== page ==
Protecting ‘this rock we call home’

Chants like “climate change is not a hoax” could be heard from outside the New Brunswick Legislature Building on March 15 as hundreds gathered in the rain with signs in hand. The protest was part of environmental protests happening around the world in recognition of climate change. Two older men in yellow vests tried to disrupt the rally but the protesters drowned them out with their chanting.

The global protests were sparked by 16-year-old Swedish activist Greta Thunberg. She started the campaign Fridays for Future, where young people around the world began skipping school with her on Fridays to protest climate change.

Along with Canada and the United States, the National Post reported 100 countries participated in the protest.

Hundreds gathered at the New Brunswick Legislature building to protest climate change.  (Young Joo Jun/AQ)

Josh Shaddick, one of the organizers of the Fredericton protest, stood on the steps of the building and gathered the crowd into the “climate change is not a hoax” chant.

Shaddick, a student at the New Brunswick Community College in Miramichi, organized the event with his friend Antoine Zboralski, a student at the University of Moncton.

Chief Alan Polchies of St. Mary’s First Nation spoke at the beginning of the rally. He invited the crowd to sing traditional songs and gave thanks to the beauty of the Wolastoqey River.

“We have a responsibility to make a difference,” Polchies said.

As the rain fell, colourful letters on signs reading “There’s no planet B,” “Act now or swim later” and “Protect the planet, not profits” began to drip from the rain.

Rain didn’t stop people from gathering and bringing signs to the New Brunswick Legislature building for the Friday for Future protest.  (Young Joo Jun/AQ)

Among those holding wet signs in the crowd was first-year St. Thomas University student Grace Hickey. Her sign read “If solutions within the system are so impossible to find … we should change the system itself,” a quote said by Thunberg.

“I’m here because I believe in the future and climate justice,” Hickey said.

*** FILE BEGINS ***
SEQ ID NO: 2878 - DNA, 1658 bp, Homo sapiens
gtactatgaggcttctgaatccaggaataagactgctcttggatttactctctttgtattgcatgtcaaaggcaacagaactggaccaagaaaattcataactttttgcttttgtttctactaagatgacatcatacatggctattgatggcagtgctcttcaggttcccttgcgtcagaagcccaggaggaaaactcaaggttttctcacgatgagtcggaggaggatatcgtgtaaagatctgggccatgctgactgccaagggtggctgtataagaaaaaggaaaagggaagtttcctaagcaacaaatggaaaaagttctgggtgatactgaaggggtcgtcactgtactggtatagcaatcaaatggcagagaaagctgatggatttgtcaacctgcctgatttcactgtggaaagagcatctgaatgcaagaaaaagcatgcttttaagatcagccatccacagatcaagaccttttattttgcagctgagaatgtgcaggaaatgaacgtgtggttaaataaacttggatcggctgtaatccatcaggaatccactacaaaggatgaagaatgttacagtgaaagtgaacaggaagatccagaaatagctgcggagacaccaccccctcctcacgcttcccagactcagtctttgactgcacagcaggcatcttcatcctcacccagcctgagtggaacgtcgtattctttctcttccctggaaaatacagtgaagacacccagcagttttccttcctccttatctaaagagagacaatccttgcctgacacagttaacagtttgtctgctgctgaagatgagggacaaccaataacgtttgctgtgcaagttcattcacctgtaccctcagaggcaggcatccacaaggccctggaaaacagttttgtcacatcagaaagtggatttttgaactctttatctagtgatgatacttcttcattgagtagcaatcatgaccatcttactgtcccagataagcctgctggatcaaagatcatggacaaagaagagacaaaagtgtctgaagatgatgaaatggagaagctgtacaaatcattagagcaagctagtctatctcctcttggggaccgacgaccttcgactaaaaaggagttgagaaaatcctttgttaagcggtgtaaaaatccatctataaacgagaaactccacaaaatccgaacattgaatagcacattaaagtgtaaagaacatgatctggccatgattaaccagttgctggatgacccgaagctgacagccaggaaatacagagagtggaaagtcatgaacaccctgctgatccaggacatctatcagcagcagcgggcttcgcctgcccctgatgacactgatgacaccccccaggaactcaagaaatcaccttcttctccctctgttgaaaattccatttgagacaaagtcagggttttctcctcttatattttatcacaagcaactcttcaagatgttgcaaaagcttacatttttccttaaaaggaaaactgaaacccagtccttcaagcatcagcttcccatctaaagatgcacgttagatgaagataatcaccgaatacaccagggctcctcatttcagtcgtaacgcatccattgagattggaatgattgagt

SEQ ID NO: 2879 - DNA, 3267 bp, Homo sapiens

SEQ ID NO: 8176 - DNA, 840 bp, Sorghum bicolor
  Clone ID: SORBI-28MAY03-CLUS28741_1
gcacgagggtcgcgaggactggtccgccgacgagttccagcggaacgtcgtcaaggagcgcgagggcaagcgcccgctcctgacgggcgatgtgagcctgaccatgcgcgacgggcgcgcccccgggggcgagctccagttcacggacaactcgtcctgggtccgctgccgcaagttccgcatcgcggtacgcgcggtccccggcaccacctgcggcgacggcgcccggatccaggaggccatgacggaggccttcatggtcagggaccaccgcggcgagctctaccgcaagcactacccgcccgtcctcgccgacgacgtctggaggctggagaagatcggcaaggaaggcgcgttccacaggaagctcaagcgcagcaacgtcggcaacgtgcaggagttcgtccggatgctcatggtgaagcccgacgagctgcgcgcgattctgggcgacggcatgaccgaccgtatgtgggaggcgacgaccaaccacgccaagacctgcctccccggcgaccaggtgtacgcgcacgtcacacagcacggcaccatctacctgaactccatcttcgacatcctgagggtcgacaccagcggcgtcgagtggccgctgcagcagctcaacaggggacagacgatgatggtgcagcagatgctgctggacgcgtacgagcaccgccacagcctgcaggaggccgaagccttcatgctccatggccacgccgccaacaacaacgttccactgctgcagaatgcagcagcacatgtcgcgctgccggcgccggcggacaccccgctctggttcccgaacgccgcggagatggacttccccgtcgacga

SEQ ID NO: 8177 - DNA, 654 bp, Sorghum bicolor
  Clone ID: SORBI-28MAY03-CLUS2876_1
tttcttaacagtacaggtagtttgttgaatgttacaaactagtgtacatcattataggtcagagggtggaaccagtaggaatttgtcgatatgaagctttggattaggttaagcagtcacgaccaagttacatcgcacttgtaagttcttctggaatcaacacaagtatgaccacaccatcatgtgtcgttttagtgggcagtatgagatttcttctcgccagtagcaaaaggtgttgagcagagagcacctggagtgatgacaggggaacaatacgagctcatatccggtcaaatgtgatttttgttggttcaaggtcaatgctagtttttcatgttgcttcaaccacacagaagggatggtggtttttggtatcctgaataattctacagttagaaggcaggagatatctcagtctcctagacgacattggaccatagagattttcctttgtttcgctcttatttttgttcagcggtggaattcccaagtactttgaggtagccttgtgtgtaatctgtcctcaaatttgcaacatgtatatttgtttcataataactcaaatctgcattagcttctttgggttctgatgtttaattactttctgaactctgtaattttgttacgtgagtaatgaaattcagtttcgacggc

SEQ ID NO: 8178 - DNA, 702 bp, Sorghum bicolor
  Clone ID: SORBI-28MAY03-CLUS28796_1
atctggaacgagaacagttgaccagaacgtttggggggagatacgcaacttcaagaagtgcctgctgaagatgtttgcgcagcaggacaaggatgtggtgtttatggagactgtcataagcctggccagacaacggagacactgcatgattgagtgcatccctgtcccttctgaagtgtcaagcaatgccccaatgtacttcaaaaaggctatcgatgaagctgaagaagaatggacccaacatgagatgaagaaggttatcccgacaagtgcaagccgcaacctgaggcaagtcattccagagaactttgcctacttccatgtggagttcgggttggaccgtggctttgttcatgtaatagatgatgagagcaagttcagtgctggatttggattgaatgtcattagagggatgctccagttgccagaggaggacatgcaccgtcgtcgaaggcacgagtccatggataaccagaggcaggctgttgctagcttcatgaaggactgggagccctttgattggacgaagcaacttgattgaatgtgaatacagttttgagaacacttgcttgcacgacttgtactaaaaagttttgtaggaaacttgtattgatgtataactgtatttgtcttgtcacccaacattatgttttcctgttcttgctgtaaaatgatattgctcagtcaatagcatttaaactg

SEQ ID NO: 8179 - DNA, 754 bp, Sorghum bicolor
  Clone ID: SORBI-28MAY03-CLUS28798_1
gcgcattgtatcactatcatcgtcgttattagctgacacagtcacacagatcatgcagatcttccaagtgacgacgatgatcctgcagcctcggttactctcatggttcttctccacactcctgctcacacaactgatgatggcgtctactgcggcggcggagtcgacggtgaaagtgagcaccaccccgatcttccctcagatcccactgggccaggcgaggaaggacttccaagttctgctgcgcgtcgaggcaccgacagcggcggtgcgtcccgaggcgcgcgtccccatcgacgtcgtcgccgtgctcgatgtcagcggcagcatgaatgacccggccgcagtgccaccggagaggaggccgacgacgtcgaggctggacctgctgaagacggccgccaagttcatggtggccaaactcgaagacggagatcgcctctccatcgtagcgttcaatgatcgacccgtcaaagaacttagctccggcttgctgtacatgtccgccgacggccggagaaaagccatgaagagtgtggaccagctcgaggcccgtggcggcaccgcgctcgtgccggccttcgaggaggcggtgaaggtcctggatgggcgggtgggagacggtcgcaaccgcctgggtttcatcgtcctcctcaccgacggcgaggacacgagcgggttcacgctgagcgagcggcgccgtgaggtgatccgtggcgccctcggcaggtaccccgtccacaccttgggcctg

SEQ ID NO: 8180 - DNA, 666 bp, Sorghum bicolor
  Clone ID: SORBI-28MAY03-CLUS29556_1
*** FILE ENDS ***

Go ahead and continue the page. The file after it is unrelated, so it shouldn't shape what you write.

Hickey, who is studying environment and society, has participated in other Future for Friday protests but said this is the first time there’s been such a big turnout.

“This is the first national protest so it’s a big deal today.”

At Fredericton’s rally, people of all ages joined in Thunberg’s campaign. St. Thomas student Hannah Moore spoke at the protest, on behalf of the Conservation Council of New Brunswick where she works as a communications intern. She is also the co-chair of the St. Thomas Sustainability Council.

St. Thomas University student Hannah Moore has attended Friday for Future protests before, but never one this large. (Young Joo Jun/AQ)

“We’re all in this together on this rock we call home,” said Moore.

Moore said she was excited to see Fredericton participating with dozens of other protests across Canada.

“It’s an issue for all ages, everyone has a role to play,” she said.

“Part of the rally is to get youth together and take action toward pressuring the government and industries towards climate action.”

Moore said that speaking to youth as a young person herself is impactful.

“[It’s] a more relatable way to send the message. Youth seeing other youth participating makes it more attainable.”

Joshua Sallos, a second-year STU student also attended the protest. Sallos said the rally at the legislature is like “using your body to show your vote.”

David Coon, the leader of the Green Party of New Brunswick came to the protest and called on politicians to take act on climate change. (Young Joo Jun/AQ)

Sallos hopes this will encourage the province to adopt policies “to help reduce greenhouse gas emissions and transition to sustainable energy systems.”

David Coon, the leader of the Green Party of New Brunswick, also called on Premier Blaine Higgs to act against climate change.

“We need system change before the climate changes us.”

With files from Haley Stairs 

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